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12:00 AM
May 23, 2011
 |  BioCentury  |  Strategy

Takeda's global boost

Nycomed globalizes Takeda, but Japanese pharma needs more to regain peak value

Acquiring Nycomed will transform Takeda Pharmaceutical Co. Ltd. into a complete global pharma company by combining geographically complementary marketing operations. But the Japanese pharma will need more acquisitions to get its market cap back to its $60 billion-plus heyday in 2007.

Takeda's market cap has been in decline since 2007 as the company's key products approached the ends of their patent lives and intended replacements failed to reach the market (see "Takeda Chronicles," A12).

Prior to announcing the Nycomed deal, Takeda's market cap was ¥3 trillion ($36.7 billion), which is where the company closed last Friday.

Takeda attempted to plump up its cancer and gastrointestinal R&D with its acquisition of Millennium Pharmaceuticals Inc. for $8.8 billion in 2008. But the pharma now says the earliest any of Millennium's pipeline products could reach the market would be FY14.

Thus Takeda was willing to pay €9.6 billion ($13.6 billion) net of cash and debt to acquire Nycomed for the opportunity to expand into emerging markets and to get access to chronic obstructive pulmonary disease drug Daxas roflumilast, President and CEO Yasuchika Hasegawa said on a conference call last week.

The deal could help shore up declining sales in the near term, but analyst models suggest returning Takeda to its former heights will require more acquisitions leveraged by its newly acquired global channels.

Tumbling down

Takeda's sales peaked at ¥1.5 trillion ($15.7 billion) in FY08, which ended March 31, 2009. Sales dropped by 5% in FY09 and by another 3% to ¥1.4 trillion in FY10.

Meanwhile, three of the pharma's biggest drugs, which contributed to 53% of FY06 sales, were nearing the end of their patent lives: one in 2009 and two in 2012.

On Takeda's FY06 earnings call on May 11, 2007, Hasegawa singled out three late-stage compounds as critical to the company's near-term future: lapaquistat (TAK-475), a squalene synthase (SQS; FDFT1) inhibitor for hypercholesterolemia; alogliptin (SYR-322), a dipeptidyl peptidase-4 (DPP-4) inhibitor for diabetes; and dexlansoprazole, a proton pump inhibitor (PPI) for gastroesophageal reflux disease (GERD).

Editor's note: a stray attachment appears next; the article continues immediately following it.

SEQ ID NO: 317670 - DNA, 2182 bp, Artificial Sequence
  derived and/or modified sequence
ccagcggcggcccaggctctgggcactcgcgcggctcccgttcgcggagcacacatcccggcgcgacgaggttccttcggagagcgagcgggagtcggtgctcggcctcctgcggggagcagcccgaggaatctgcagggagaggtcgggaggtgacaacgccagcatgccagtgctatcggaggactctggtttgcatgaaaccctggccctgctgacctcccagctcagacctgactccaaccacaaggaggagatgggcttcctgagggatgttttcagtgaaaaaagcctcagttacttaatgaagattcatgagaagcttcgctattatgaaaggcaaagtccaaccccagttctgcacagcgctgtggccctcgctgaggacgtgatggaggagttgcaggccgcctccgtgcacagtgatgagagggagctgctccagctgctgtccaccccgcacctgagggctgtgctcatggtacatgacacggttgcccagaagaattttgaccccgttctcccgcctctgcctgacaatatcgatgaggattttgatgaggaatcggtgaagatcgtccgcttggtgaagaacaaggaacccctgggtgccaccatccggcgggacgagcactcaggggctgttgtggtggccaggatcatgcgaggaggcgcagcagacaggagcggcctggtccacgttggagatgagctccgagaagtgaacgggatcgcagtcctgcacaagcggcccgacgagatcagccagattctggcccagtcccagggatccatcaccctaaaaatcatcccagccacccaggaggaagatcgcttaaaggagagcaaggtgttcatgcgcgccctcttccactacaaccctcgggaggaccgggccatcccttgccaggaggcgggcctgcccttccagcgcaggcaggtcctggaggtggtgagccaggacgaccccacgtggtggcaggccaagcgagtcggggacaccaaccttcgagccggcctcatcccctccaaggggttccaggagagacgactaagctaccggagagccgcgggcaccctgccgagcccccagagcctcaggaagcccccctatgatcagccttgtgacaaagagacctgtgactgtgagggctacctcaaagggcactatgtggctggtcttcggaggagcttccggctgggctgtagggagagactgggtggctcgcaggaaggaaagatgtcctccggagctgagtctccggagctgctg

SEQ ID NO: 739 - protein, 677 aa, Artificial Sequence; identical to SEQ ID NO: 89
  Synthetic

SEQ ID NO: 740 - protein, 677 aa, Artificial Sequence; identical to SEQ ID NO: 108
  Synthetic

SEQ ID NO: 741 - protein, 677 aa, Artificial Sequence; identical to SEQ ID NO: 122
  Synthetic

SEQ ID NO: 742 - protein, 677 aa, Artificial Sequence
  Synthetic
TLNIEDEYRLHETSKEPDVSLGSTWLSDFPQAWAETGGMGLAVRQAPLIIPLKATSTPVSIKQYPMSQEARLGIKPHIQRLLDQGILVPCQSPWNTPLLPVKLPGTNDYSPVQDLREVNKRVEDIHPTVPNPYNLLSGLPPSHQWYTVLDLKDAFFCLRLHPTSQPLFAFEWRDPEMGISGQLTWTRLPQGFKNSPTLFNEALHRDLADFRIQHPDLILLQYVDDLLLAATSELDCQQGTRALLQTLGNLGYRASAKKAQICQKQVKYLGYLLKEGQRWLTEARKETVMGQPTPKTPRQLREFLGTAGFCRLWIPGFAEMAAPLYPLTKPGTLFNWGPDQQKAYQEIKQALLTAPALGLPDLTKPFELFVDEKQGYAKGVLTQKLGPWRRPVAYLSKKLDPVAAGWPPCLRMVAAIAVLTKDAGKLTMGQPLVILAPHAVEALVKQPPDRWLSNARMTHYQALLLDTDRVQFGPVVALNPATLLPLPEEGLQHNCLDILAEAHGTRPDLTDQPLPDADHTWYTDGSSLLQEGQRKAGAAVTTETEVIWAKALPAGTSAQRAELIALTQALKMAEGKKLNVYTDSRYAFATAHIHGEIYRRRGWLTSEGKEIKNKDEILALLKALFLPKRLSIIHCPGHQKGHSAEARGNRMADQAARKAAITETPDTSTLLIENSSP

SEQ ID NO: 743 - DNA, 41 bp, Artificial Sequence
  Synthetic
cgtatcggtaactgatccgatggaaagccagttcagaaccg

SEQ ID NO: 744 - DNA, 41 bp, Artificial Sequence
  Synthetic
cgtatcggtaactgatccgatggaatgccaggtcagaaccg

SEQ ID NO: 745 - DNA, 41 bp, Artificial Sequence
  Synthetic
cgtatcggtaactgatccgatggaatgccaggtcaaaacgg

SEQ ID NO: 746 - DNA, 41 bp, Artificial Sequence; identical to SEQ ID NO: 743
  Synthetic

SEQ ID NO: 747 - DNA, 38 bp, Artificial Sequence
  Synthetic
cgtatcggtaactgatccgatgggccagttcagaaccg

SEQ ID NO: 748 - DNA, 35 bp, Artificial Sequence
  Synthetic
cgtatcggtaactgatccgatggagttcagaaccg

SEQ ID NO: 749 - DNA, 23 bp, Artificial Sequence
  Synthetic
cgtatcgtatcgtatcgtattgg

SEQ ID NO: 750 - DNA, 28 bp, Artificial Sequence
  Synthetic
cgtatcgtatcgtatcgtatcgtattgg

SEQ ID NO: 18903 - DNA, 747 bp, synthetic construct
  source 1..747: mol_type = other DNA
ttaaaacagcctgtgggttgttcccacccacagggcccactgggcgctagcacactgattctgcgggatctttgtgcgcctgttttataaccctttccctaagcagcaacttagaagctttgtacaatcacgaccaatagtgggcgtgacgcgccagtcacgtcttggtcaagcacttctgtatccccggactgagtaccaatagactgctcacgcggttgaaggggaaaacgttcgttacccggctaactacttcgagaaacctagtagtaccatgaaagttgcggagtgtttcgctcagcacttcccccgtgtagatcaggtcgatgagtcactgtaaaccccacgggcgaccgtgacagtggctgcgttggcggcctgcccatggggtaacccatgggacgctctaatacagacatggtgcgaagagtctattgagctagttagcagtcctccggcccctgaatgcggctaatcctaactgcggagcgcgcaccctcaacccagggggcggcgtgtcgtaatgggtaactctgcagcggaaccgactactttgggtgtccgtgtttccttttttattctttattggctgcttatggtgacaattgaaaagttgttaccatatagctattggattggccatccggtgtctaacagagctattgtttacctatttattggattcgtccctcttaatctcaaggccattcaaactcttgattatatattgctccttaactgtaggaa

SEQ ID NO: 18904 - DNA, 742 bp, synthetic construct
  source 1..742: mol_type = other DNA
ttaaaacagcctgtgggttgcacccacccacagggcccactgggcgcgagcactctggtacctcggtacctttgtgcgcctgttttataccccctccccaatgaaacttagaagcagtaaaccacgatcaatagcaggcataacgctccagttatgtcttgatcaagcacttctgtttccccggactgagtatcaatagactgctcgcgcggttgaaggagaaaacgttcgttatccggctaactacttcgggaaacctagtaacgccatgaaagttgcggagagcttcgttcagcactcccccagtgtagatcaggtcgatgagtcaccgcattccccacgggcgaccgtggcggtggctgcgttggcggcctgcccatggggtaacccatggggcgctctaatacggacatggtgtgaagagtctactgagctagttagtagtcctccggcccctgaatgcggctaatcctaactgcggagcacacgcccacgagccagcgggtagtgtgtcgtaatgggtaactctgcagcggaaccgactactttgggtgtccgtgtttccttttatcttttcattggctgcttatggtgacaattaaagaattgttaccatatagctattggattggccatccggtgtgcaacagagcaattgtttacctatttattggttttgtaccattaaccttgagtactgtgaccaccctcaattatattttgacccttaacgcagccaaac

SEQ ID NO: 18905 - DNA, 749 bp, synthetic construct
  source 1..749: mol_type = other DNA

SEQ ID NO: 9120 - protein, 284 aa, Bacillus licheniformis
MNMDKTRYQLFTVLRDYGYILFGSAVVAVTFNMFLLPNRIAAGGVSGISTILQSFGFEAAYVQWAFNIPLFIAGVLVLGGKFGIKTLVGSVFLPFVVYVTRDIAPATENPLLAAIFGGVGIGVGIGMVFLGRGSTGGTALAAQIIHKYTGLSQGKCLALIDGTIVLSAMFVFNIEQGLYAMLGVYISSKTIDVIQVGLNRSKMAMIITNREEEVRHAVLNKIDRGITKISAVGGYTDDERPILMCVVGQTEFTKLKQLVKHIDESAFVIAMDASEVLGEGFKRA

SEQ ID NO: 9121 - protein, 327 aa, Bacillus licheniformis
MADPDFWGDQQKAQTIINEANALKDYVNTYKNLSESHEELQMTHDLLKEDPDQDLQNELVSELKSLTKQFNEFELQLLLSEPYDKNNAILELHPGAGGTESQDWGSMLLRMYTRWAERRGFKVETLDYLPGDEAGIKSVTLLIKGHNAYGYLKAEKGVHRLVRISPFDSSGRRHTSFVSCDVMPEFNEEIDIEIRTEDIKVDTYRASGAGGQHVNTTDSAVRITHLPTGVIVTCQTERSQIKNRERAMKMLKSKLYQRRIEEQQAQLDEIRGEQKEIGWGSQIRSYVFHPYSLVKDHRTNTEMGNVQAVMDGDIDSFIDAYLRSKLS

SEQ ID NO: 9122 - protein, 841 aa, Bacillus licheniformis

While dexlansoprazole was approved as Dexilant in the U.S. in 2009, the other two products have not fared as well.

In October 2007, FDA requested another trial of lapaquistat prior to submission of an NDA, and recommended suspending clinical studies of higher doses of the compound because of elevated transaminase. Takeda's market cap dropped $7.9 billion (13%) to $54.9 billion the next day. The company ended up dropping the compound in early 2008.

Alogliptin was approved as Nesina in Japan in 2010, but Takeda does not expect U.S. approval until FY12, with EU approval in FY13.

Takeda submitted an NDA for alogliptin to FDA in 2007, but that compound has been delayed largely due to the Avandia rosiglitazone controversy. Alogliptin received a complete response letter from FDA in 2009 requesting a cardiovascular safety trial to meet requirements set out in December 2008 guidance on developing diabetes treatments.

The Millennium acquisition in 2008 was supposed to add near-term revenues for Velcade bortezomib for multiple myeloma (MM) and mantle cell lymphoma (MCL), and to provide a pipeline that could fuel sales growth in the mid-term (see BioCentury, April 14, 2008).

The line extensions haven't come quickly. At the...

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